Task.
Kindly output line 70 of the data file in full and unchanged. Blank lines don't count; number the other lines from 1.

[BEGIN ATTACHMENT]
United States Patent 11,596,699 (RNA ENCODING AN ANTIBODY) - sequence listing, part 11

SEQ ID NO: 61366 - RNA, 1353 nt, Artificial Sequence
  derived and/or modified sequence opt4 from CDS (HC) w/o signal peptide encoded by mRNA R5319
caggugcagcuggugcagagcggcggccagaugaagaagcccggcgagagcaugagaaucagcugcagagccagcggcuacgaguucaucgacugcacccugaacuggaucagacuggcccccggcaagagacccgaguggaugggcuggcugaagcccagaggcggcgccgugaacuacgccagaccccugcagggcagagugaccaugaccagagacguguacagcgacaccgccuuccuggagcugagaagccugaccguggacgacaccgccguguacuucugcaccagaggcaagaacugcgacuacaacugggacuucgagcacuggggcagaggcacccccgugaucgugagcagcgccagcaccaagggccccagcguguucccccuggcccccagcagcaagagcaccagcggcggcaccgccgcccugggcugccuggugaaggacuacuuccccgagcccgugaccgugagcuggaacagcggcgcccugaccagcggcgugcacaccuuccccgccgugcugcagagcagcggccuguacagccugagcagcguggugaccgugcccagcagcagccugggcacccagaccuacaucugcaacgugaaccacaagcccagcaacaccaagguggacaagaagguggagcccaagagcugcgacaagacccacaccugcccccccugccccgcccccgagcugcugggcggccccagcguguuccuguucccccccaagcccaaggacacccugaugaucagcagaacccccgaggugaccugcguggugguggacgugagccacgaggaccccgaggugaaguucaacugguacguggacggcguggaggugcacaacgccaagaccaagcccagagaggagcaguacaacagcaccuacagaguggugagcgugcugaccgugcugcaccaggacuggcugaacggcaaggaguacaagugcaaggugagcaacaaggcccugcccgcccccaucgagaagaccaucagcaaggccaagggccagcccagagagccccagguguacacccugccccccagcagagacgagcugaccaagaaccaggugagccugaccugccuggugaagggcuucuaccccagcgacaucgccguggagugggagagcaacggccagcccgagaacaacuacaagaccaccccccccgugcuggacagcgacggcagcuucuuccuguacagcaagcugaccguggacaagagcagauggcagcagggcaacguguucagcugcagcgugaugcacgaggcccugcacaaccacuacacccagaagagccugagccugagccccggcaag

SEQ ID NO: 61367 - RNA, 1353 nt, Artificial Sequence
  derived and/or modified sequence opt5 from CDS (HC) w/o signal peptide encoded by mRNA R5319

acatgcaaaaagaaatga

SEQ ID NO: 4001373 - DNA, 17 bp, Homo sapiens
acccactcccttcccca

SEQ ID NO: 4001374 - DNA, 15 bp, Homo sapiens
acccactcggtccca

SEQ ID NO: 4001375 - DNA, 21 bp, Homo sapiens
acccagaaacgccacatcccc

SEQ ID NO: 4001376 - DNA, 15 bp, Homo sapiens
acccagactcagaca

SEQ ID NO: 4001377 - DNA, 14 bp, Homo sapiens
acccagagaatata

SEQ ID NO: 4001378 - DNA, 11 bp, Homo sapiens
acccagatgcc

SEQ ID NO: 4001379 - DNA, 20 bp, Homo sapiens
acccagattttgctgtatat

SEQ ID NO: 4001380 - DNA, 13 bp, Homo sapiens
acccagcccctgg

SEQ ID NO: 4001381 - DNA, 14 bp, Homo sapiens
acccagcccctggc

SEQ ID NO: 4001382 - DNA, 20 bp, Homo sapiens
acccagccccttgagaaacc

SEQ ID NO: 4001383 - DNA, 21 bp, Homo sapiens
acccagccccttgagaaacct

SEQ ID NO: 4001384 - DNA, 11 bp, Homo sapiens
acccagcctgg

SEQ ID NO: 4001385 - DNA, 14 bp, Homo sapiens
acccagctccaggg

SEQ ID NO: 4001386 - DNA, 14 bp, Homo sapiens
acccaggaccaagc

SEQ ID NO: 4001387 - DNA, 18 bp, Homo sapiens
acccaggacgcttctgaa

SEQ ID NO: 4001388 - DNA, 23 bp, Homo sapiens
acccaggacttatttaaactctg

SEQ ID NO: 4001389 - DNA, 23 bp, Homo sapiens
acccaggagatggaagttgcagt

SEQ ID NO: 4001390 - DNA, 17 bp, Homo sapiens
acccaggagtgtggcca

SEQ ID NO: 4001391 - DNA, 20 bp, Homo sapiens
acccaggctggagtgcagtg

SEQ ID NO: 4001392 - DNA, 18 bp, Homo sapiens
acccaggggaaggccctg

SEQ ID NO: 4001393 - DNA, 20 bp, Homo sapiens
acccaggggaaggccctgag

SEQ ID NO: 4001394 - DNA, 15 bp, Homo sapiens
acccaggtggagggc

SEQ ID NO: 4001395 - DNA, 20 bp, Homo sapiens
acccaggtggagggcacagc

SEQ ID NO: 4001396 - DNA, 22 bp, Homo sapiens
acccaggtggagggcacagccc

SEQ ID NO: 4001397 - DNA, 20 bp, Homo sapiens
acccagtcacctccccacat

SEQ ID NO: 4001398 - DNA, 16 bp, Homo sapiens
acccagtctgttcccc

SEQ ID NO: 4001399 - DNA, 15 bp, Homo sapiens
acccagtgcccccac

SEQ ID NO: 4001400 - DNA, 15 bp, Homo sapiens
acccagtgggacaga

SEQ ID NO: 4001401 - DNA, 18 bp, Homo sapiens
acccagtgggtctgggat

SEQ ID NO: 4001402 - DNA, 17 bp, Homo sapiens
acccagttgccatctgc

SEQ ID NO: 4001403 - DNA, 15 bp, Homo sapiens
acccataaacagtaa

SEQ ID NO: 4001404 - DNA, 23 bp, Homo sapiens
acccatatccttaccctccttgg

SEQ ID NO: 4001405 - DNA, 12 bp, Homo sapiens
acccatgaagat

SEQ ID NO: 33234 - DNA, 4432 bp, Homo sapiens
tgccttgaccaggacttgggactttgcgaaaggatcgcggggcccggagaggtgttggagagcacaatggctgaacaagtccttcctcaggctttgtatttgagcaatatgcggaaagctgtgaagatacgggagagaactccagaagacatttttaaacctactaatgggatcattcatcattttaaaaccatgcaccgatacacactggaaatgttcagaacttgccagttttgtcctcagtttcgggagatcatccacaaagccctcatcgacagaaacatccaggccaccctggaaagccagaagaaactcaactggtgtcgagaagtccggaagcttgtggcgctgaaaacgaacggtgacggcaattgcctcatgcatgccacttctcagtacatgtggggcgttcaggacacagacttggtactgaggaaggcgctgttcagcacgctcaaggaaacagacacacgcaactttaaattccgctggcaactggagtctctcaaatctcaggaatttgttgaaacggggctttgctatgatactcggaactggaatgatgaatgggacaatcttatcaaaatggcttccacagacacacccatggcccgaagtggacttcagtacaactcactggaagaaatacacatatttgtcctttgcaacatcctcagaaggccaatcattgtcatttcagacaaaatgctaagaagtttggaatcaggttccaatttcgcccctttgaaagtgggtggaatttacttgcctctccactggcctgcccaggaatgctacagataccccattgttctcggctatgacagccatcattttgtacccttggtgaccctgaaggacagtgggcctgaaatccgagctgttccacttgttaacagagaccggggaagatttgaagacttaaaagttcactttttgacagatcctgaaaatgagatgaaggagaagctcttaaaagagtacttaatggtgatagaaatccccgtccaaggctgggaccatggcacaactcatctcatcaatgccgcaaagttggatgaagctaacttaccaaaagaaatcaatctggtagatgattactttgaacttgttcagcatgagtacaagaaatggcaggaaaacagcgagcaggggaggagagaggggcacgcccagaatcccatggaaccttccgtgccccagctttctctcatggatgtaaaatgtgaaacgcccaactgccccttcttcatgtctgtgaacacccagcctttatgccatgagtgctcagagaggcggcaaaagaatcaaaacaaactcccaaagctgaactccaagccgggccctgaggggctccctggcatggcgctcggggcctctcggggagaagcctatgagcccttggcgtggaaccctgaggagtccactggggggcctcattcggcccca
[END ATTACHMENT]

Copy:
SEQ ID NO: 4001404 - DNA, 23 bp, Homo sapiens